In a metaphor gone terribly wrong, Portlander Justin Gilpatrick apparently decided to become a new man by crawling into a cardboard recycling bin on August 10. To be more specific, he told police, he was trying to sober up after a hard night of drinking out near the strip bar Club 205, where all drinking is hard.
Unfortunately, he chose his moment badly, and was picked up in the recycling truck. The truck compacted twice with Gilpatrick inside before the driver noticed anything wrong, but somehow Gilpatrick was able to get away with only minor injuries. No charges were filed.
On his nonrestricted Facebook page the same day, Justin wrote of the incident, "I have not had a drink in years and the one time I do this I what happens."
Apparently this was not the first time he'd had similar issues: "Wow!" wrote a friend. "Why does that remind me of years ago when u woke up in jail half naked in St Helen's! Maybe this time its a wake up call glad u survived."
"Hahahahahhahahhahahahahha this is why I love you hahahhaa," wrote another.
Acording to spokesman Ken Gimpel at Waste Management, finding a person in a dumpster is rare but not unheard of. "There are stories," he tells WW. "My boss when I started told me that he was in an alley in Portland and lifted the container, and right when he lifted the container the guy poked his head up and stared at him eye to eye. My boss put the container back down and the man wandered off into the darkness."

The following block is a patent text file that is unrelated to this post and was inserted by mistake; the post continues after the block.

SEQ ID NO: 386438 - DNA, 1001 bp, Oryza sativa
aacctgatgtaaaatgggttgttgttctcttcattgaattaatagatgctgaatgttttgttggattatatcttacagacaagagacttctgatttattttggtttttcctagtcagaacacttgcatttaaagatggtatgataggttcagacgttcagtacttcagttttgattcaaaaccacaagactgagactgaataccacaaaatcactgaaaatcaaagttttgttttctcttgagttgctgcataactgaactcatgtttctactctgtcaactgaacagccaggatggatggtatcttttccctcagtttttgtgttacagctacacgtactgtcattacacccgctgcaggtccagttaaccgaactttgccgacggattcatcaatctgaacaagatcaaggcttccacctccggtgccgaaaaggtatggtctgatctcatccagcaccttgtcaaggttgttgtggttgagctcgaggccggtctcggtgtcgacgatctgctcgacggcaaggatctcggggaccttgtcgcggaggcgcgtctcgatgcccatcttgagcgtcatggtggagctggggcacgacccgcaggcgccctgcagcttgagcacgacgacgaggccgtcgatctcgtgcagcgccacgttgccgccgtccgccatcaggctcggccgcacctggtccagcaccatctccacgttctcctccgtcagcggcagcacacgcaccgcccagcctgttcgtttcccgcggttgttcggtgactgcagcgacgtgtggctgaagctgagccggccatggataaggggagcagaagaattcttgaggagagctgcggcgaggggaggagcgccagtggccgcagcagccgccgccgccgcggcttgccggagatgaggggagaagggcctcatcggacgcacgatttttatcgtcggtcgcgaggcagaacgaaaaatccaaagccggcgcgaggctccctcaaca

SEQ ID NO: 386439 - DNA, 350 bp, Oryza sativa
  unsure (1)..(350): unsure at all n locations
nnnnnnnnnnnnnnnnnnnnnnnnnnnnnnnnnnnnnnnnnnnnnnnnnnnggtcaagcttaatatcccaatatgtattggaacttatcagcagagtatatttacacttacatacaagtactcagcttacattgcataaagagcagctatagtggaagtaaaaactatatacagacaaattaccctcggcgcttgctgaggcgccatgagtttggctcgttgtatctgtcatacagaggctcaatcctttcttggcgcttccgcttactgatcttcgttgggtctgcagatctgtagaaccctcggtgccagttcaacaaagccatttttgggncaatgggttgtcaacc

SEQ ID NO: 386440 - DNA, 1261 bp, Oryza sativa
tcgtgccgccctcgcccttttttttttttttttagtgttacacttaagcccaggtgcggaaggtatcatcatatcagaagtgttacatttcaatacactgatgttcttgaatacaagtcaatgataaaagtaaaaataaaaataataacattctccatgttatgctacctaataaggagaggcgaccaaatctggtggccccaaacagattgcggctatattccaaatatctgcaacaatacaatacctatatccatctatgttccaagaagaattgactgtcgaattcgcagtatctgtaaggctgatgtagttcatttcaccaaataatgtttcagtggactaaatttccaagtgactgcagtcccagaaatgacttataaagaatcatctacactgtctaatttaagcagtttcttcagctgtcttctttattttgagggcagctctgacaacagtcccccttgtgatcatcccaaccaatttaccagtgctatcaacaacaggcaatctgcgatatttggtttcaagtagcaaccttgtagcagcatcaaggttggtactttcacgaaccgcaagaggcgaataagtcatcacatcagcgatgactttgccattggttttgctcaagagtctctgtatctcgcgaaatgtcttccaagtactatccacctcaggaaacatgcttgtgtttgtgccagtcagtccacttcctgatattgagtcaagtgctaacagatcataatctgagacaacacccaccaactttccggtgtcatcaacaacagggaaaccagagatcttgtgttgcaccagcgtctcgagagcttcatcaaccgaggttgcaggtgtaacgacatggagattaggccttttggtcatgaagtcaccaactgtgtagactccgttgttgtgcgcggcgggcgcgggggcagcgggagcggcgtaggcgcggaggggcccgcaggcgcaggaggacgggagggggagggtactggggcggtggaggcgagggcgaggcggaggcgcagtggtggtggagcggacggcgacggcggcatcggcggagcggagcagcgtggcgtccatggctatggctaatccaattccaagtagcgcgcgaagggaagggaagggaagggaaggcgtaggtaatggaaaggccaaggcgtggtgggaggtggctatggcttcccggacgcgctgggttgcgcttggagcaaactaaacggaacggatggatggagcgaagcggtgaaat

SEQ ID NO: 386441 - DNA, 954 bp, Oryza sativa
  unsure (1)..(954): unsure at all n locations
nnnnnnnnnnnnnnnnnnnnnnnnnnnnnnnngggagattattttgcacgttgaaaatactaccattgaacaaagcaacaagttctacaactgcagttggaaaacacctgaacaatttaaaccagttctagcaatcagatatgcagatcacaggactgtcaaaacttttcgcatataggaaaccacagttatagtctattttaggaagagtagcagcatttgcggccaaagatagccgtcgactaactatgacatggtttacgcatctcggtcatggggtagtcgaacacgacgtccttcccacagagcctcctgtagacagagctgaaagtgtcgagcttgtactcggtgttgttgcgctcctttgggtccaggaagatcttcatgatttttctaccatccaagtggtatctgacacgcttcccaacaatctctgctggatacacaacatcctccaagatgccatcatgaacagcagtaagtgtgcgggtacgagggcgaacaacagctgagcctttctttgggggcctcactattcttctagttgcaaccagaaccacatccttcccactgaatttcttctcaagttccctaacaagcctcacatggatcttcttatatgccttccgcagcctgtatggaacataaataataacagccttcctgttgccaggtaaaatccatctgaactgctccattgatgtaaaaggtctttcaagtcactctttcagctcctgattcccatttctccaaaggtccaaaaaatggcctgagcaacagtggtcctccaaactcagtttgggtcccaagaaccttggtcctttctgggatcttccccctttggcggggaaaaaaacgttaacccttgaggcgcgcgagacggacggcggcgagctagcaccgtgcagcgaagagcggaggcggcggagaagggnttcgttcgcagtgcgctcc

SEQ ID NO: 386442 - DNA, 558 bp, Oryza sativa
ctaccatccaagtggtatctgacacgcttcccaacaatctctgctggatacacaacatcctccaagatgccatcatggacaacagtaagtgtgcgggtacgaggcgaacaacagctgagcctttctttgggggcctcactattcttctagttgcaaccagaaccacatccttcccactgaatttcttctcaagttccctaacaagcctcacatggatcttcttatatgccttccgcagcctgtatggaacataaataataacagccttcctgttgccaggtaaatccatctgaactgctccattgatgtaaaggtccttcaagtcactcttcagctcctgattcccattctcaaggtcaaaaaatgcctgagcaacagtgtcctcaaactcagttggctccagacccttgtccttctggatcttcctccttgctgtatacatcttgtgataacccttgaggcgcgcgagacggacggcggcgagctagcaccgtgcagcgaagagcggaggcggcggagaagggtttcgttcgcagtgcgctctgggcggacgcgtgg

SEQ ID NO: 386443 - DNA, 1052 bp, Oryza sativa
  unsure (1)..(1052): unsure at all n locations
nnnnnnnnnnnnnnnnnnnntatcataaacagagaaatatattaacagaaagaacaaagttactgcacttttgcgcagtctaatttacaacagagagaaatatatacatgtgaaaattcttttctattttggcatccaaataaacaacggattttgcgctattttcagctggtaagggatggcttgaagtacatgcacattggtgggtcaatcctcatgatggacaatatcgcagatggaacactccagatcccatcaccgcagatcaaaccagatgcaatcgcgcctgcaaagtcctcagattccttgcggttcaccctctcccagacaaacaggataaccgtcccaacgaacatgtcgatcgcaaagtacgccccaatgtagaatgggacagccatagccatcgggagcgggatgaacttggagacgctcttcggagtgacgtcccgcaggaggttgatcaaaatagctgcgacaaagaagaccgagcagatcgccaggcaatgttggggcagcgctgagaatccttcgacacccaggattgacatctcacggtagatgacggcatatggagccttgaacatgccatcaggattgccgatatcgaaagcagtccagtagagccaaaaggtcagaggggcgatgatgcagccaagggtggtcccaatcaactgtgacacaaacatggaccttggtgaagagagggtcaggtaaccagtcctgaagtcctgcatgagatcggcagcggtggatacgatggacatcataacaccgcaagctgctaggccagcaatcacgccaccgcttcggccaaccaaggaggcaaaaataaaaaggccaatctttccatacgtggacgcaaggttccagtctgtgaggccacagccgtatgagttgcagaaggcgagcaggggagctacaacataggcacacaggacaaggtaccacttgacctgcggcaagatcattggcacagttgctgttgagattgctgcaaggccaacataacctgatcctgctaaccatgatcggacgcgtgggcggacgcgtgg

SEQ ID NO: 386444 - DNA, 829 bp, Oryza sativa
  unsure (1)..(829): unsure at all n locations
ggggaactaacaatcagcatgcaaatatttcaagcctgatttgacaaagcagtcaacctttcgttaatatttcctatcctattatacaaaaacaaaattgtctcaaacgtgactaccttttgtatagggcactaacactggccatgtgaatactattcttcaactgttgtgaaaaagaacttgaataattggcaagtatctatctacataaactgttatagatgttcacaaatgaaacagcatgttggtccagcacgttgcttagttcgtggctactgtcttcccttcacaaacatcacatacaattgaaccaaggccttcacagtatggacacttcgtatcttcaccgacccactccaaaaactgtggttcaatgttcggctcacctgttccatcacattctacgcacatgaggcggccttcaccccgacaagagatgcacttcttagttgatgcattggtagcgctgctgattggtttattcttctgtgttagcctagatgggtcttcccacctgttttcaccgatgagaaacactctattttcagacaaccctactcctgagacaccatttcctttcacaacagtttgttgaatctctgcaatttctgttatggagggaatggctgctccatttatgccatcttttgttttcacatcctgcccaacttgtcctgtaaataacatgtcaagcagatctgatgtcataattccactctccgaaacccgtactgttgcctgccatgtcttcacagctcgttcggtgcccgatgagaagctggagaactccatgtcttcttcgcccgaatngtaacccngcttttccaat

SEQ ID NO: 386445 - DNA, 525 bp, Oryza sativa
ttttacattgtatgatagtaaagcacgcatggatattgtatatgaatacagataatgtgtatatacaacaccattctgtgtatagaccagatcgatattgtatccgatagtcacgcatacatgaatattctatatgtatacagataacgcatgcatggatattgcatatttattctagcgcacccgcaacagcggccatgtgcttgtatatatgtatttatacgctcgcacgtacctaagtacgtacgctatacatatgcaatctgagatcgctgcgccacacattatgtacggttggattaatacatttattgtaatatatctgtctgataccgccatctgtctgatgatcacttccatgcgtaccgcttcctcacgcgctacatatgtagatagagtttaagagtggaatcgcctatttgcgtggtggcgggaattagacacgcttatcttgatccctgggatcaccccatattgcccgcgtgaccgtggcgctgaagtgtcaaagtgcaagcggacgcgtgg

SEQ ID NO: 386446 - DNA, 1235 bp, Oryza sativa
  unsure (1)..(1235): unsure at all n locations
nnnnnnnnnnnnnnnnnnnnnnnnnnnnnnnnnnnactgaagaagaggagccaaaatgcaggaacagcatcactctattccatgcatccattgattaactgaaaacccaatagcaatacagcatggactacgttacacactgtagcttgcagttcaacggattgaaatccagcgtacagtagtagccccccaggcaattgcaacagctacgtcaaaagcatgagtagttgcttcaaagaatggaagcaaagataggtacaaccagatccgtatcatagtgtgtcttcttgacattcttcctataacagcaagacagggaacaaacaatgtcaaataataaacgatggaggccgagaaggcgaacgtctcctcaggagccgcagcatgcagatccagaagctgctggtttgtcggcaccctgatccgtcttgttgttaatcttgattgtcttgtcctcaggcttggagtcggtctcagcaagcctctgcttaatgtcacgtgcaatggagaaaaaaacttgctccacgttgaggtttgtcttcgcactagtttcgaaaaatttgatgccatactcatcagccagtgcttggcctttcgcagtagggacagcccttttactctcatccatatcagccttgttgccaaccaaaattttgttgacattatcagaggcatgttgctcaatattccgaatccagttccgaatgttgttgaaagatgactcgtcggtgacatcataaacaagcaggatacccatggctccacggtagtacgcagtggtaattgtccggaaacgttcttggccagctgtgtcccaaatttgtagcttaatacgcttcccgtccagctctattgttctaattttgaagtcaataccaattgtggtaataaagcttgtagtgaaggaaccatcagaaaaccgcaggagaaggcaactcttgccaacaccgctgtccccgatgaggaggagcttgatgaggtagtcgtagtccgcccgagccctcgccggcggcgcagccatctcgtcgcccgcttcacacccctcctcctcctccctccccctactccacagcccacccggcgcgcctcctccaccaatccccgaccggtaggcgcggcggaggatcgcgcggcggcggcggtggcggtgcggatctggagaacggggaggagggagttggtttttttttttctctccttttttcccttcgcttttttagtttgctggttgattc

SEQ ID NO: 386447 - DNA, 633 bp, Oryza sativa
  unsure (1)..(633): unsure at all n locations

Gimpel also said that the trucks have a 3-to-1 compression ratio, which means they can effectively turn a limo into a Car2Go. "You can imagine how many pounds of pressure it takes to get a 3-to-1 compaction," Gimpel says.
For obvious reasons, the company entreats people to stay away from dumpsters; drivers, for their part, are instructed to jostle the bins a bit to make sure there are no sleepers inside, or anything else.
"I’ve heard cats," he says. "People dump cats into dumpsters. It’s not a good feeling [to be the driver.] I can only imagine if the driver heard the screams of a human. We encourage anyone to never be in, around, or on a dumpster. It’s not the place to be."